It’s hard to believe that in only 6 short weeks it will be spring. Which to me, means my imminent return to the East Coast. It feels oddly untimely to be leaving California, like a band aid being torn off too early. Maybe I haven’t fully gleaned all I could from the communities and landscapes I have seen and shared.
Lately, I find I am constantly questioning myself. Can I complete more than 5,000 miles of hiking both the Appalachian Trail and the Continental Divide Trail? Am I dreaming beyond the confines of reality? Who am I to think I can take on a goal of this magnitude? What is the inherent privilege of being able to refrain from working for almost 9 months? What is the worth and intention of doing a trip like this?
I try to remember my younger self when I hiked The Appalachian Trail for the first time. What I see is a kid trying to find meaning, a kid that was trying to find himself among the expanse of adulthood, among the pressures of academia, and the comparison to peers. In many ways, the AT was an escape for me, a way to try and prove my self-worth. I remember how alone and isolated I felt in those first days. I was scared of the immensity, to hold the weight alone. As days turned to weeks and weeks to months, I moved South in the pursuit of an end. Now, four years later, I wonder if this is the end or the beginning? At this point in my life, I find that I am in need of a longer trail, a larger degree of separation between myself and reality. As the trip grows nearer, I find myself yearning to feel the vastness of distance, the days of relentlessly pushing past, eroding an idea of what it meant to endure but to truly let myself go to the unwavering hand of the natural world.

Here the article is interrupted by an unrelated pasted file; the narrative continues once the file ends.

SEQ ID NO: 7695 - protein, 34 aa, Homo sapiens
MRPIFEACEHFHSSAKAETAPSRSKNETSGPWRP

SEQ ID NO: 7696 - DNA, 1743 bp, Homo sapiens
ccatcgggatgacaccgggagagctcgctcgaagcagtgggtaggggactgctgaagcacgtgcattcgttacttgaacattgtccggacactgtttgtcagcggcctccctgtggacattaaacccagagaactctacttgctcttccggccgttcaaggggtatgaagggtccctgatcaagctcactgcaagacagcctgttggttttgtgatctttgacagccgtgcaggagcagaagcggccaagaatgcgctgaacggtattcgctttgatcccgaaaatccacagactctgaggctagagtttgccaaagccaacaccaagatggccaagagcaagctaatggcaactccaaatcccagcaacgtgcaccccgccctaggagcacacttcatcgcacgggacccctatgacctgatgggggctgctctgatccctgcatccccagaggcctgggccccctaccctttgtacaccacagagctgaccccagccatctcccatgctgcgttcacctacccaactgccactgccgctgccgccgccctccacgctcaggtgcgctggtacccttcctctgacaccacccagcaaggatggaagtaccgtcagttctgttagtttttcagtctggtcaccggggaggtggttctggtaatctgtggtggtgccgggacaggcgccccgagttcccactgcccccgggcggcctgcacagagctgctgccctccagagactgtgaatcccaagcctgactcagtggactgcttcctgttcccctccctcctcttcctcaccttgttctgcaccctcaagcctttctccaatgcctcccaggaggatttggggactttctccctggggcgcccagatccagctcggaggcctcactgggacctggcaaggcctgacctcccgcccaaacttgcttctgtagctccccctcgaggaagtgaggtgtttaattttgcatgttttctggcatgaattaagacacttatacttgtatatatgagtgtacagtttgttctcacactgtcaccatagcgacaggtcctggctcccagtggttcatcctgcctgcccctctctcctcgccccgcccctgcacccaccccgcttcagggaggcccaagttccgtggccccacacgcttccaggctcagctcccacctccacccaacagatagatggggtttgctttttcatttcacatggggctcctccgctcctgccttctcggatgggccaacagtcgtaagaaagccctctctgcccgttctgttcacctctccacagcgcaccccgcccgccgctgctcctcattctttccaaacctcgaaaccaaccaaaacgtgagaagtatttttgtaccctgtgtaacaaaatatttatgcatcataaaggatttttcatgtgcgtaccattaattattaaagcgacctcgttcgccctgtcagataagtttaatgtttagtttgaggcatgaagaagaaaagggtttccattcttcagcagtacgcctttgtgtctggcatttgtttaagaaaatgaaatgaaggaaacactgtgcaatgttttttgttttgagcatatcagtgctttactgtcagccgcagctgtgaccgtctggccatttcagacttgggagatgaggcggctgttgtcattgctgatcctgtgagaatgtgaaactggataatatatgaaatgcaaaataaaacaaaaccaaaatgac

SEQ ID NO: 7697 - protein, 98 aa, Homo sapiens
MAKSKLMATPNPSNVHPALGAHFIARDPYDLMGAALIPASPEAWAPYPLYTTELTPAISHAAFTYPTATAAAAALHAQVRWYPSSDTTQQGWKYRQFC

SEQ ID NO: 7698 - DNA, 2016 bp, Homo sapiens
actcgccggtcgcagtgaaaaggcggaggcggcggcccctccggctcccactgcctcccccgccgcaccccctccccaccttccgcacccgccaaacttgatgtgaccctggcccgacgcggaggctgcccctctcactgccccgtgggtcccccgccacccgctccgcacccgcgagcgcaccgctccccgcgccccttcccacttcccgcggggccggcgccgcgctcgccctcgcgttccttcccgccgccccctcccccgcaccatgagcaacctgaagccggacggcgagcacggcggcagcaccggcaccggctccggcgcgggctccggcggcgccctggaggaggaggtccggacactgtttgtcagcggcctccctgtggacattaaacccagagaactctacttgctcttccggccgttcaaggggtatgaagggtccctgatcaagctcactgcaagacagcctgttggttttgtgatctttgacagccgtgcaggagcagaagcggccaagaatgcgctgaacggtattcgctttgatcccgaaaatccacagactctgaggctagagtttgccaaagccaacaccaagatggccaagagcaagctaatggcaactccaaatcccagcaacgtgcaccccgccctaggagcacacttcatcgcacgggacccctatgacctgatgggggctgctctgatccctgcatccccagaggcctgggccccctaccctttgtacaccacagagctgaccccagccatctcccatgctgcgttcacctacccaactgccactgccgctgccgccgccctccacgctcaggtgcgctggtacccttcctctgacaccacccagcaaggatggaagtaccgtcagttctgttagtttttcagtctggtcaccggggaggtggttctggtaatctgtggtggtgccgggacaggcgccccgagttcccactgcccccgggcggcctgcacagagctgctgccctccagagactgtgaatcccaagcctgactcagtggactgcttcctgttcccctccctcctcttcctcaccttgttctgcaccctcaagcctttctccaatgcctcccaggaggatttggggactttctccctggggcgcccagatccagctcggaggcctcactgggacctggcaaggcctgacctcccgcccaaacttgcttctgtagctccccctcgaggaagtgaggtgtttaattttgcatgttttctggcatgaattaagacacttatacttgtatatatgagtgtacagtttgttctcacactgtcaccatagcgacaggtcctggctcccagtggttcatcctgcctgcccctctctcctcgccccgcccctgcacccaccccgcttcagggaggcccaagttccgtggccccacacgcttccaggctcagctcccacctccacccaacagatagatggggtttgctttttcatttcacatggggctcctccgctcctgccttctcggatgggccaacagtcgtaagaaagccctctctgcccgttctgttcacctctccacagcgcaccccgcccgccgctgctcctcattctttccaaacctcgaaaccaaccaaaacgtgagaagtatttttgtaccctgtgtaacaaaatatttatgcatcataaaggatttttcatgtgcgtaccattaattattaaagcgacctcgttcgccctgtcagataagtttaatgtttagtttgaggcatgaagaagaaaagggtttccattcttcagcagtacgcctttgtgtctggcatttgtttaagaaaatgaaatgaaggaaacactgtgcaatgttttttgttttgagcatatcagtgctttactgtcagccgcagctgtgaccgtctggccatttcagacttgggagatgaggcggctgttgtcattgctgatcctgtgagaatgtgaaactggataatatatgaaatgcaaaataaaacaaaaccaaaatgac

This past year, I have been consumed by work, to save as much money as I can, while I can. The high mileage weeks that I maintained for months have fallen by the wayside. There are less than two weeks left till I hang up my hat and resign from working for the next 6-8 months. A definite privilege indeed, but also a huge stressor. The next two months are going to be dedicated to preparing physically and mentally for my summer ahead.
Attempting to complete the AT and the CDT is daunting. It’s looking likely I will be starting the season off with a northbound Appalachian Trail effort. I think in a lot of ways I am hiking this trail again to understand what was lost in my younger perspective. To see what the trail imprinted upon me. The AT hugs this fine line between wilderness and anthropocentric infringement. I am excited to fully immerse myself back into the trail culture and lifestyle, a place that feels like home. I am excited to experience the similarities and stark differences between two very different trails.
As I leave California, I hope to find solace, beauty, and internal peace with my thoughts. I wish to let my emotions move at their own pace; to lose touch with expectations. I look forward to moving through an ever-changing landscape again and I am excited to push through my perceived limitations.